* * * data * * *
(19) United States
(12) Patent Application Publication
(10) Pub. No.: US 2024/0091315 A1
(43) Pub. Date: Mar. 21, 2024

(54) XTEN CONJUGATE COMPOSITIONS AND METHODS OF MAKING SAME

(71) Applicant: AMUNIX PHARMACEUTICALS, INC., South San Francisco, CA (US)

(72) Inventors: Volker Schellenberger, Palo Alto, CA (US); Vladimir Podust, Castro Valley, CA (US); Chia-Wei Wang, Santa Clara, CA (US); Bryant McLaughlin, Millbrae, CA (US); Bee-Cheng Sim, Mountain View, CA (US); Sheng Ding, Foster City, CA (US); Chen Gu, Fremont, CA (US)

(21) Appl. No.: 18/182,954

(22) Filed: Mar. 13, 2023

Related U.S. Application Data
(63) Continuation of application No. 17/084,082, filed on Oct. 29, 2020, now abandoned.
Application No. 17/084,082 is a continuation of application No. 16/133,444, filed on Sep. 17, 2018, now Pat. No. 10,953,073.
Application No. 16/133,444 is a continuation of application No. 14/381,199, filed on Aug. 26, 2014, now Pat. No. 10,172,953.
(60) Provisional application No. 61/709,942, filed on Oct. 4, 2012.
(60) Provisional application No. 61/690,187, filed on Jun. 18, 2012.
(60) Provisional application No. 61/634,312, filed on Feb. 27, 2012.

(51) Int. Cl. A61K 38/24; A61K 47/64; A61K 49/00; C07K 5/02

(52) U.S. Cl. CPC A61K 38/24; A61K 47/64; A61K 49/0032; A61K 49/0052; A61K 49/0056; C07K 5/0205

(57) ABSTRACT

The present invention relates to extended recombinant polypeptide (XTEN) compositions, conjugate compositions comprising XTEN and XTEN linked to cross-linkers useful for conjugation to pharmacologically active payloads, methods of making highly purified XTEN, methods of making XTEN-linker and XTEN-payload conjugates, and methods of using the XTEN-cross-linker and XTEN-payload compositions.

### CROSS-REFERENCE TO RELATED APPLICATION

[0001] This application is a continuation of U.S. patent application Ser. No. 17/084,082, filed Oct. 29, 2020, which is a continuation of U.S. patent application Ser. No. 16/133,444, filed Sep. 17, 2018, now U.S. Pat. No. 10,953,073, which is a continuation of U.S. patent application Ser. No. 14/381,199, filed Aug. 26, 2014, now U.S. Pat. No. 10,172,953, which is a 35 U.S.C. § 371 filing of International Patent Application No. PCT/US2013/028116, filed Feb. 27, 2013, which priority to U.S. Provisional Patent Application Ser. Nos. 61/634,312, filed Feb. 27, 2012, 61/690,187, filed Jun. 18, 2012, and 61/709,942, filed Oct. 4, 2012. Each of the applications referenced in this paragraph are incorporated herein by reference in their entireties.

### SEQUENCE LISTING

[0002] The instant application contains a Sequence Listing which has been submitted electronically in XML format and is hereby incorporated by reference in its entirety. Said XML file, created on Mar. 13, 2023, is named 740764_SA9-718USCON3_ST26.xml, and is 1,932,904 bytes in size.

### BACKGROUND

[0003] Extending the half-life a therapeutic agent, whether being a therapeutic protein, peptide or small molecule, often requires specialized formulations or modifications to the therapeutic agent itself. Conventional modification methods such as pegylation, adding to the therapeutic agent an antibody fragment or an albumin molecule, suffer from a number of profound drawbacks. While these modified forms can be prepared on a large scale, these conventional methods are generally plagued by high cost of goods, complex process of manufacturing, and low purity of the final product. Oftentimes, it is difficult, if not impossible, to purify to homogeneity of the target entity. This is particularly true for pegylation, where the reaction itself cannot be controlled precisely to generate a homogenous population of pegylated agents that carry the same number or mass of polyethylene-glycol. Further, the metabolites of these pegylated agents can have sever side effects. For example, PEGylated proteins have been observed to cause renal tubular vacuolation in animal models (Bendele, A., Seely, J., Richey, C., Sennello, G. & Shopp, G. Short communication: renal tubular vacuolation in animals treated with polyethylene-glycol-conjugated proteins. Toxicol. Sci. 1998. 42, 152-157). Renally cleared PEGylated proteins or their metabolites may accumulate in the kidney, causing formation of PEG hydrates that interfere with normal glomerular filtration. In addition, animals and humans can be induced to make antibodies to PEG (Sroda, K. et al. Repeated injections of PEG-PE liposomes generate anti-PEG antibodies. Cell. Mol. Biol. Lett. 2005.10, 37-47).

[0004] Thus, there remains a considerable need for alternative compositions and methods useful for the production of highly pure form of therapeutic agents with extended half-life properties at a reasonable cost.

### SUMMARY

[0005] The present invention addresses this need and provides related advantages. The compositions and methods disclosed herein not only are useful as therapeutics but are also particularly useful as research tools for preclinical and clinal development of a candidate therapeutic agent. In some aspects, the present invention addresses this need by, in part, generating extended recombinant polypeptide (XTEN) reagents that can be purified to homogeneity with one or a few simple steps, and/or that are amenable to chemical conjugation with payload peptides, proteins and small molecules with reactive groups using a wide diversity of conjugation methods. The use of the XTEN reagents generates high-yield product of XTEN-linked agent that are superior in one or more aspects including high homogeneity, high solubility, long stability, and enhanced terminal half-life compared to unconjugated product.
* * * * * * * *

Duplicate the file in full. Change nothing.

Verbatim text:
(19) United States
(12) Patent Application Publication
(10) Pub. No.: US 2024/0091315 A1
(43) Pub. Date: Mar. 21, 2024

(54) XTEN CONJUGATE COMPOSITIONS AND METHODS OF MAKING SAME

(71) Applicant: AMUNIX PHARMACEUTICALS, INC., South San Francisco, CA (US)

(72) Inventors: Volker Schellenberger, Palo Alto, CA (US); Vladimir Podust, Castro Valley, CA (US); Chia-Wei Wang, Santa Clara, CA (US); Bryant McLaughlin, Millbrae, CA (US); Bee-Cheng Sim, Mountain View, CA (US); Sheng Ding, Foster City, CA (US); Chen Gu, Fremont, CA (US)

(21) Appl. No.: 18/182,954

(22) Filed: Mar. 13, 2023

Related U.S. Application Data
(63) Continuation of application No. 17/084,082, filed on Oct. 29, 2020, now abandoned.
Application No. 17/084,082 is a continuation of application No. 16/133,444, filed on Sep. 17, 2018, now Pat. No. 10,953,073.
Application No. 16/133,444 is a continuation of application No. 14/381,199, filed on Aug. 26, 2014, now Pat. No. 10,172,953.
(60) Provisional application No. 61/709,942, filed on Oct. 4, 2012.
(60) Provisional application No. 61/690,187, filed on Jun. 18, 2012.
(60) Provisional application No. 61/634,312, filed on Feb. 27, 2012.

(51) Int. Cl. A61K 38/24; A61K 47/64; A61K 49/00; C07K 5/02

(52) U.S. Cl. CPC A61K 38/24; A61K 47/64; A61K 49/0032; A61K 49/0052; A61K 49/0056; C07K 5/0205

(57) ABSTRACT

The present invention relates to extended recombinant polypeptide (XTEN) compositions, conjugate compositions comprising XTEN and XTEN linked to cross-linkers useful for conjugation to pharmacologically active payloads, methods of making highly purified XTEN, methods of making XTEN-linker and XTEN-payload conjugates, and methods of using the XTEN-cross-linker and XTEN-payload compositions.

### CROSS-REFERENCE TO RELATED APPLICATION

[0001] This application is a continuation of U.S. patent application Ser. No. 17/084,082, filed Oct. 29, 2020, which is a continuation of U.S. patent application Ser. No. 16/133,444, filed Sep. 17, 2018, now U.S. Pat. No. 10,953,073, which is a continuation of U.S. patent application Ser. No. 14/381,199, filed Aug. 26, 2014, now U.S. Pat. No. 10,172,953, which is a 35 U.S.C. § 371 filing of International Patent Application No. PCT/US2013/028116, filed Feb. 27, 2013, which priority to U.S. Provisional Patent Application Ser. Nos. 61/634,312, filed Feb. 27, 2012, 61/690,187, filed Jun. 18, 2012, and 61/709,942, filed Oct. 4, 2012. Each of the applications referenced in this paragraph are incorporated herein by reference in their entireties.

### SEQUENCE LISTING

[0002] The instant application contains a Sequence Listing which has been submitted electronically in XML format and is hereby incorporated by reference in its entirety. Said XML file, created on Mar. 13, 2023, is named 740764_SA9-718USCON3_ST26.xml, and is 1,932,904 bytes in size.

### BACKGROUND

[0003] Extending the half-life a therapeutic agent, whether being a therapeutic protein, peptide or small molecule, often requires specialized formulations or modifications to the therapeutic agent itself. Conventional modification methods such as pegylation, adding to the therapeutic agent an antibody fragment or an albumin molecule, suffer from a number of profound drawbacks. While these modified forms can be prepared on a large scale, these conventional methods are generally plagued by high cost of goods, complex process of manufacturing, and low purity of the final product. Oftentimes, it is difficult, if not impossible, to purify to homogeneity of the target entity. This is particularly true for pegylation, where the reaction itself cannot be controlled precisely to generate a homogenous population of pegylated agents that carry the same number or mass of polyethylene-glycol. Further, the metabolites of these pegylated agents can have sever side effects. For example, PEGylated proteins have been observed to cause renal tubular vacuolation in animal models (Bendele, A., Seely, J., Richey, C., Sennello, G. & Shopp, G. Short communication: renal tubular vacuolation in animals treated with polyethylene-glycol-conjugated proteins. Toxicol. Sci. 1998. 42, 152-157). Renally cleared PEGylated proteins or their metabolites may accumulate in the kidney, causing formation of PEG hydrates that interfere with normal glomerular filtration. In addition, animals and humans can be induced to make antibodies to PEG (Sroda, K. et al. Repeated injections of PEG-PE liposomes generate anti-PEG antibodies. Cell. Mol. Biol. Lett. 2005.10, 37-47).

[0004] Thus, there remains a considerable need for alternative compositions and methods useful for the production of highly pure form of therapeutic agents with extended half-life properties at a reasonable cost.

### SUMMARY

[0005] The present invention addresses this need and provides related advantages. The compositions and methods disclosed herein not only are useful as therapeutics but are also particularly useful as research tools for preclinical and clinal development of a candidate therapeutic agent. In some aspects, the present invention addresses this need by, in part, generating extended recombinant polypeptide (XTEN) reagents that can be purified to homogeneity with one or a few simple steps, and/or that are amenable to chemical conjugation with payload peptides, proteins and small molecules with reactive groups using a wide diversity of conjugation methods. The use of the XTEN reagents generates high-yield product of XTEN-linked agent that are superior in one or more aspects including high homogeneity, high solubility, long stability, and enhanced terminal half-life compared to unconjugated product.